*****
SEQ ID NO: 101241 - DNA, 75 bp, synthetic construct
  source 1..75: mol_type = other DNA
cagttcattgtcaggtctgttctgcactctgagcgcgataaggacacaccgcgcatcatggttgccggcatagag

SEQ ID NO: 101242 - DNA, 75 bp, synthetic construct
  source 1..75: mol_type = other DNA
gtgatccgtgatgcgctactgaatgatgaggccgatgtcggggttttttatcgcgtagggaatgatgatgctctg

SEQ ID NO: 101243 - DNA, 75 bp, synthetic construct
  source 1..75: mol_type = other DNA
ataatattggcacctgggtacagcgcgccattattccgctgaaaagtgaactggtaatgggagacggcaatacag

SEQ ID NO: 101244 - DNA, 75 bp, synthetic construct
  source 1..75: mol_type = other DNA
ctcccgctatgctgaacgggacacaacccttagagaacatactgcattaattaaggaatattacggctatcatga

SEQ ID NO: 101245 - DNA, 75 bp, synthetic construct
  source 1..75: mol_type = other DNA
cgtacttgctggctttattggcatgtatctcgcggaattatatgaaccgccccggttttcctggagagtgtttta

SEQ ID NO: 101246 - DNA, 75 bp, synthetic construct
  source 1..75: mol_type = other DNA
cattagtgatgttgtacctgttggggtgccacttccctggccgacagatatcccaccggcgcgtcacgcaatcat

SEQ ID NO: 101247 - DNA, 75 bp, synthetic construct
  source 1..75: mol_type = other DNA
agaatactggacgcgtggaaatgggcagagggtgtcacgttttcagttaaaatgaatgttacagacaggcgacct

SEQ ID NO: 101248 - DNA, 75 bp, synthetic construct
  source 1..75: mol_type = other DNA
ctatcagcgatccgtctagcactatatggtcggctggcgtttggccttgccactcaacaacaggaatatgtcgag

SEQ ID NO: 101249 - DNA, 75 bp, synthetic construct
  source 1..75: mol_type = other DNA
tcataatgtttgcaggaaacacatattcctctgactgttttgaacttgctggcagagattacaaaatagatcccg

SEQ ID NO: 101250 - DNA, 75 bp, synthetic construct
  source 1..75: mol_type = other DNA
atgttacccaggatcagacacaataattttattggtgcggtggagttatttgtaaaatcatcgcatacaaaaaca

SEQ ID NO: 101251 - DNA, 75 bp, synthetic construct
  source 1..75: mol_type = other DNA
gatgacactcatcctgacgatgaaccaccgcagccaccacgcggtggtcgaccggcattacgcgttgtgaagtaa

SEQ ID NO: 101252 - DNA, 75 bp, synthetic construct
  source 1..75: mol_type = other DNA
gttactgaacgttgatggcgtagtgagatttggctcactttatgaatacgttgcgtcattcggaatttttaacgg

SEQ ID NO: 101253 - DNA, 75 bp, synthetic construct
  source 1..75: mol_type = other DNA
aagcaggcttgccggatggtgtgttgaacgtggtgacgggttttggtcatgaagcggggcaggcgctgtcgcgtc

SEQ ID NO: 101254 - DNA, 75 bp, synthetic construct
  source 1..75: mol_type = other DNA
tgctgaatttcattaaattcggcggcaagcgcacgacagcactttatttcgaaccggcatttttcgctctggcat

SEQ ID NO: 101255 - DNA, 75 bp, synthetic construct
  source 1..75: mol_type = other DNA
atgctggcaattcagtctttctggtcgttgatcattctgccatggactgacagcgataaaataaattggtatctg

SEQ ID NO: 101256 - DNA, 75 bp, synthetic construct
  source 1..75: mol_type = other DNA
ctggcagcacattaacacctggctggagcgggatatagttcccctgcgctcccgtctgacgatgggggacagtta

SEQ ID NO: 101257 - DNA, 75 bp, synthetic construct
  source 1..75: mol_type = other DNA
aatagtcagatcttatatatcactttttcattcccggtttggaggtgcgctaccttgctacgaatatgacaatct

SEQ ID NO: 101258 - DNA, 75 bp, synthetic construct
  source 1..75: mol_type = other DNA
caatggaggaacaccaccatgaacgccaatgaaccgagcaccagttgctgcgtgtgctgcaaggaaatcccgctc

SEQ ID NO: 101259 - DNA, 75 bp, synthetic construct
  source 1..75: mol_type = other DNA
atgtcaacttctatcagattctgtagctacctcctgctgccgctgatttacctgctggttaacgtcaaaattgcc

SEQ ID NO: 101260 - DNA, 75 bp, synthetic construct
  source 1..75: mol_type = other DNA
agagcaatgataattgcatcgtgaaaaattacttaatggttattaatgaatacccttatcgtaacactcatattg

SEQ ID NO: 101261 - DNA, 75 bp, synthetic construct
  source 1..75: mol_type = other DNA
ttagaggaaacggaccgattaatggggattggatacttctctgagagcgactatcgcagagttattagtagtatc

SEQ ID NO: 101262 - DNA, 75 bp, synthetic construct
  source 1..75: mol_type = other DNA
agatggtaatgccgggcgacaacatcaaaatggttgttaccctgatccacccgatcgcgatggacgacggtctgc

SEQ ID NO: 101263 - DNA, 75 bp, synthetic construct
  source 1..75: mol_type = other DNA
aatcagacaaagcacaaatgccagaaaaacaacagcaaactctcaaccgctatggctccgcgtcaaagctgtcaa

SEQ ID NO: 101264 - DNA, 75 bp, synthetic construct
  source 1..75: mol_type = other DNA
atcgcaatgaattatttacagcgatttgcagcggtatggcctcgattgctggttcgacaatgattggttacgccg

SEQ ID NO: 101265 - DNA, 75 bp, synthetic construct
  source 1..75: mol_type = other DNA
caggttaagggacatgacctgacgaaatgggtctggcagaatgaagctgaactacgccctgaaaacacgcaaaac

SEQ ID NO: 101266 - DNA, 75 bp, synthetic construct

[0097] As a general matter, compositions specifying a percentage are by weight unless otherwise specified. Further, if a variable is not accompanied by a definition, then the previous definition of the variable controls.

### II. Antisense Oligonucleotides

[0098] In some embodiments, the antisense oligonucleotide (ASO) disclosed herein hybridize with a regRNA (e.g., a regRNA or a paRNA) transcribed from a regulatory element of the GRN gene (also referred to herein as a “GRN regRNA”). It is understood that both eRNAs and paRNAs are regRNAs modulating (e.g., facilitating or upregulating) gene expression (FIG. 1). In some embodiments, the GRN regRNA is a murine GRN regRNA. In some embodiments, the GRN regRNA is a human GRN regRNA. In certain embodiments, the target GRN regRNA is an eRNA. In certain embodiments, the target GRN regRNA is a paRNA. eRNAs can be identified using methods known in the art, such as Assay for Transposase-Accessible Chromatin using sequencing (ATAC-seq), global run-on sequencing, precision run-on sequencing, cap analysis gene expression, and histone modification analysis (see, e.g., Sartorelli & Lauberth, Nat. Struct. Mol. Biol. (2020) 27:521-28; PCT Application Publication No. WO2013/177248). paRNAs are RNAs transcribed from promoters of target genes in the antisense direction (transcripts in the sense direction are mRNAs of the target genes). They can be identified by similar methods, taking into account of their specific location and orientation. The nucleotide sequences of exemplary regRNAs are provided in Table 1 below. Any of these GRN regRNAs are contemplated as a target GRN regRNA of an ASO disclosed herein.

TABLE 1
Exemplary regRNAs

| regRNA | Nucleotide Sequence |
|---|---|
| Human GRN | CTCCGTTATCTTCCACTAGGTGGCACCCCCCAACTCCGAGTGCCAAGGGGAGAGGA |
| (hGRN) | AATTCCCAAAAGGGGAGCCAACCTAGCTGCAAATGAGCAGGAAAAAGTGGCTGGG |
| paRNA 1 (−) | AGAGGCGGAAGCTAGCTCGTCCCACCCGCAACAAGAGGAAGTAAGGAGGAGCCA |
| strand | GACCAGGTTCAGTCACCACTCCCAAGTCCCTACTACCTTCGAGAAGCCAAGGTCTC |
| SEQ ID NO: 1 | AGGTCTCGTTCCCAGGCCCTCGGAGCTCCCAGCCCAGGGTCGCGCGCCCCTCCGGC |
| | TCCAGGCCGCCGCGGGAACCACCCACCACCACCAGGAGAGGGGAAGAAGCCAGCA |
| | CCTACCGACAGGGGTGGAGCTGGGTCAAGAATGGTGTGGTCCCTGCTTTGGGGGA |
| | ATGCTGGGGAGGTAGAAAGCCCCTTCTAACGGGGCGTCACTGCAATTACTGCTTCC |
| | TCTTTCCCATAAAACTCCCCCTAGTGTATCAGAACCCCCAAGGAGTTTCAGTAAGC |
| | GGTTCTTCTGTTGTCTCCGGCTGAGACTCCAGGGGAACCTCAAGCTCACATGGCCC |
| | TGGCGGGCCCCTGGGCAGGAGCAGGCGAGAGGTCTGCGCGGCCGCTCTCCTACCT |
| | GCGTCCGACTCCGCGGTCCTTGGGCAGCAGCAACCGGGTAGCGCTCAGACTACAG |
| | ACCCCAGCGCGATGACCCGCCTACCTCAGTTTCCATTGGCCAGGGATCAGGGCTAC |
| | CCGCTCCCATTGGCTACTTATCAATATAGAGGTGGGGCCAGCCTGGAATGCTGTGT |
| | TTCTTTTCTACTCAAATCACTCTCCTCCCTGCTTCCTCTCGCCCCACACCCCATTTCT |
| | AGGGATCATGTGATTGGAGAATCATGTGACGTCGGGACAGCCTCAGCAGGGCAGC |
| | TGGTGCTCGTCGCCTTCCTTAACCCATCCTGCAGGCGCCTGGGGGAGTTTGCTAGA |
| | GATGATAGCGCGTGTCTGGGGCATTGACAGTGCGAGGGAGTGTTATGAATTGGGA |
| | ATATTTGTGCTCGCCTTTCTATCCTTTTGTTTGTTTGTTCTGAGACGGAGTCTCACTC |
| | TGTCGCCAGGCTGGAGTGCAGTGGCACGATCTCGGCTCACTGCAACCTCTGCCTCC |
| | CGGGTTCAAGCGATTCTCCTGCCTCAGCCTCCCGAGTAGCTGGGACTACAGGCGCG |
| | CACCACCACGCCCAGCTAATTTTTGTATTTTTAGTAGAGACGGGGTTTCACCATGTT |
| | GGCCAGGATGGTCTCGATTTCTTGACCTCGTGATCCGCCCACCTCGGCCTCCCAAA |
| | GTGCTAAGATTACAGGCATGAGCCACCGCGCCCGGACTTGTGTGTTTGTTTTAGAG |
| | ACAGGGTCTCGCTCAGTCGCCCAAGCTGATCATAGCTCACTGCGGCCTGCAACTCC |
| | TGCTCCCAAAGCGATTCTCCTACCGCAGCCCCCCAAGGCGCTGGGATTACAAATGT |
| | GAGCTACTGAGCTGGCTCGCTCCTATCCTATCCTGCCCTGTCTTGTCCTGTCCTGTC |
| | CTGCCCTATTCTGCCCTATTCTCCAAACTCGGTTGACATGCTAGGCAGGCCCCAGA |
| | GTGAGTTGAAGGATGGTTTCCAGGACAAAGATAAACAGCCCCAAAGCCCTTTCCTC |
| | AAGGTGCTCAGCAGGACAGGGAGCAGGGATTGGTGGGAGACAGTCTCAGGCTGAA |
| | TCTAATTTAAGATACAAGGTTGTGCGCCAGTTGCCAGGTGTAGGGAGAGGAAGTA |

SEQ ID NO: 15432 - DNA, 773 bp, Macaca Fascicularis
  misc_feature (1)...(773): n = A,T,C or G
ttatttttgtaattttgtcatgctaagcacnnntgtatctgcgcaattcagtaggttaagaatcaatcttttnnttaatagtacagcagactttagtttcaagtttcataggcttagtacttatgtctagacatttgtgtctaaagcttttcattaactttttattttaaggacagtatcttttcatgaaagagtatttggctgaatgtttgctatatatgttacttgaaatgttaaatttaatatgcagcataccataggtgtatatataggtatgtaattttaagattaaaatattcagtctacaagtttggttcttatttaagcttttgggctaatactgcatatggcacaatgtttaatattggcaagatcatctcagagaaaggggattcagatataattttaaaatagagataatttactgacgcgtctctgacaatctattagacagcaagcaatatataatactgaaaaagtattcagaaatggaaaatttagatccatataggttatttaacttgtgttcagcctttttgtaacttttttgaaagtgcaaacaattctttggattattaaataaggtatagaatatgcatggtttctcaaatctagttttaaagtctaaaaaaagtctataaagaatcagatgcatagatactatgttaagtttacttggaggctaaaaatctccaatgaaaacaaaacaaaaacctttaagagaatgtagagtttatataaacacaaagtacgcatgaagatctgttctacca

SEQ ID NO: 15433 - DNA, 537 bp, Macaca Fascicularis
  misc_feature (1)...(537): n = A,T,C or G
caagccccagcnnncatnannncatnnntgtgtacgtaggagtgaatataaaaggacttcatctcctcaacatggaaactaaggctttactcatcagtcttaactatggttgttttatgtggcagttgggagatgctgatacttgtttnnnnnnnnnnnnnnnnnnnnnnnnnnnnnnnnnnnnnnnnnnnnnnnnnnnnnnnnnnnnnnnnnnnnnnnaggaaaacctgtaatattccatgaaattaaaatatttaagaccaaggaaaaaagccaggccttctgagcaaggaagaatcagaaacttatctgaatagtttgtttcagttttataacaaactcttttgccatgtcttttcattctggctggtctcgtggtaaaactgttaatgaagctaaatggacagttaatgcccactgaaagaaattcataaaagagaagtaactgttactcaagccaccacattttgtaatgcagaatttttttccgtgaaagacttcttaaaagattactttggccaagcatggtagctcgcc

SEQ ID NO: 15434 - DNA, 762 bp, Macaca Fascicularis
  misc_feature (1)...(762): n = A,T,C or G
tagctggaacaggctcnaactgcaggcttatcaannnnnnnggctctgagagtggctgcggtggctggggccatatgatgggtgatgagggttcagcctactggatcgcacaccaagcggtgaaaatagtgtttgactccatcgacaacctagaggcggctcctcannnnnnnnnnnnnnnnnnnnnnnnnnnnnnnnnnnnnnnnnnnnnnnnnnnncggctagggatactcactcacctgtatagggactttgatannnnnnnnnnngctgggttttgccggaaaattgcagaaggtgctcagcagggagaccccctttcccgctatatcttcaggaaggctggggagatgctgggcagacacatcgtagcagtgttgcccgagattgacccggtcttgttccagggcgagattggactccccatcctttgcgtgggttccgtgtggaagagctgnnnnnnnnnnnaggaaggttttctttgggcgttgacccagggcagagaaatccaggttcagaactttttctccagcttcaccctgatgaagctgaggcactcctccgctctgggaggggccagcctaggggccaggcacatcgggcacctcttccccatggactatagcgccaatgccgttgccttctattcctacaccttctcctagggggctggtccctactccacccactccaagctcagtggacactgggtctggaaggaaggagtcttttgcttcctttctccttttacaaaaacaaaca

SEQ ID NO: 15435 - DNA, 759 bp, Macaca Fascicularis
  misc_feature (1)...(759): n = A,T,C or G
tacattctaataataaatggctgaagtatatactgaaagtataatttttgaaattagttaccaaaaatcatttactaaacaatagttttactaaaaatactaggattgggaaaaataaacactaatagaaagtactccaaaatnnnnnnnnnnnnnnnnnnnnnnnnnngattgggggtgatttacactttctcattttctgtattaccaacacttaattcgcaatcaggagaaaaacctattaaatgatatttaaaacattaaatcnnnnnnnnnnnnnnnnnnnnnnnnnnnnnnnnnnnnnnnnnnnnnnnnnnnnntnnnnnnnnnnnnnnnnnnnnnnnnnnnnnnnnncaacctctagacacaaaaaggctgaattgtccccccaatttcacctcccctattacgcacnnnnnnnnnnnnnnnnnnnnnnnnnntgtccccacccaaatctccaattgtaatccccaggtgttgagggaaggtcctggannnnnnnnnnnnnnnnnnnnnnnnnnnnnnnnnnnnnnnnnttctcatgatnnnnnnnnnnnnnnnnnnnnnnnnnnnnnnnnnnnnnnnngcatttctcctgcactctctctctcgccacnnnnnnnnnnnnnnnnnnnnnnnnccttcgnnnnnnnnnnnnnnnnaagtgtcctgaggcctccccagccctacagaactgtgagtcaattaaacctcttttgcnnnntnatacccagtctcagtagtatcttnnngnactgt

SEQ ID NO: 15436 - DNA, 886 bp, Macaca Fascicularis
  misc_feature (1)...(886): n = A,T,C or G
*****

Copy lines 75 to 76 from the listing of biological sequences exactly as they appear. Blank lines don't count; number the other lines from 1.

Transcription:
caggttaagggacatgacctgacgaaatgggtctggcagaatgaagctgaactacgccctgaaaacacgcaaaac

SEQ ID NO: 101266 - DNA, 75 bp, synthetic construct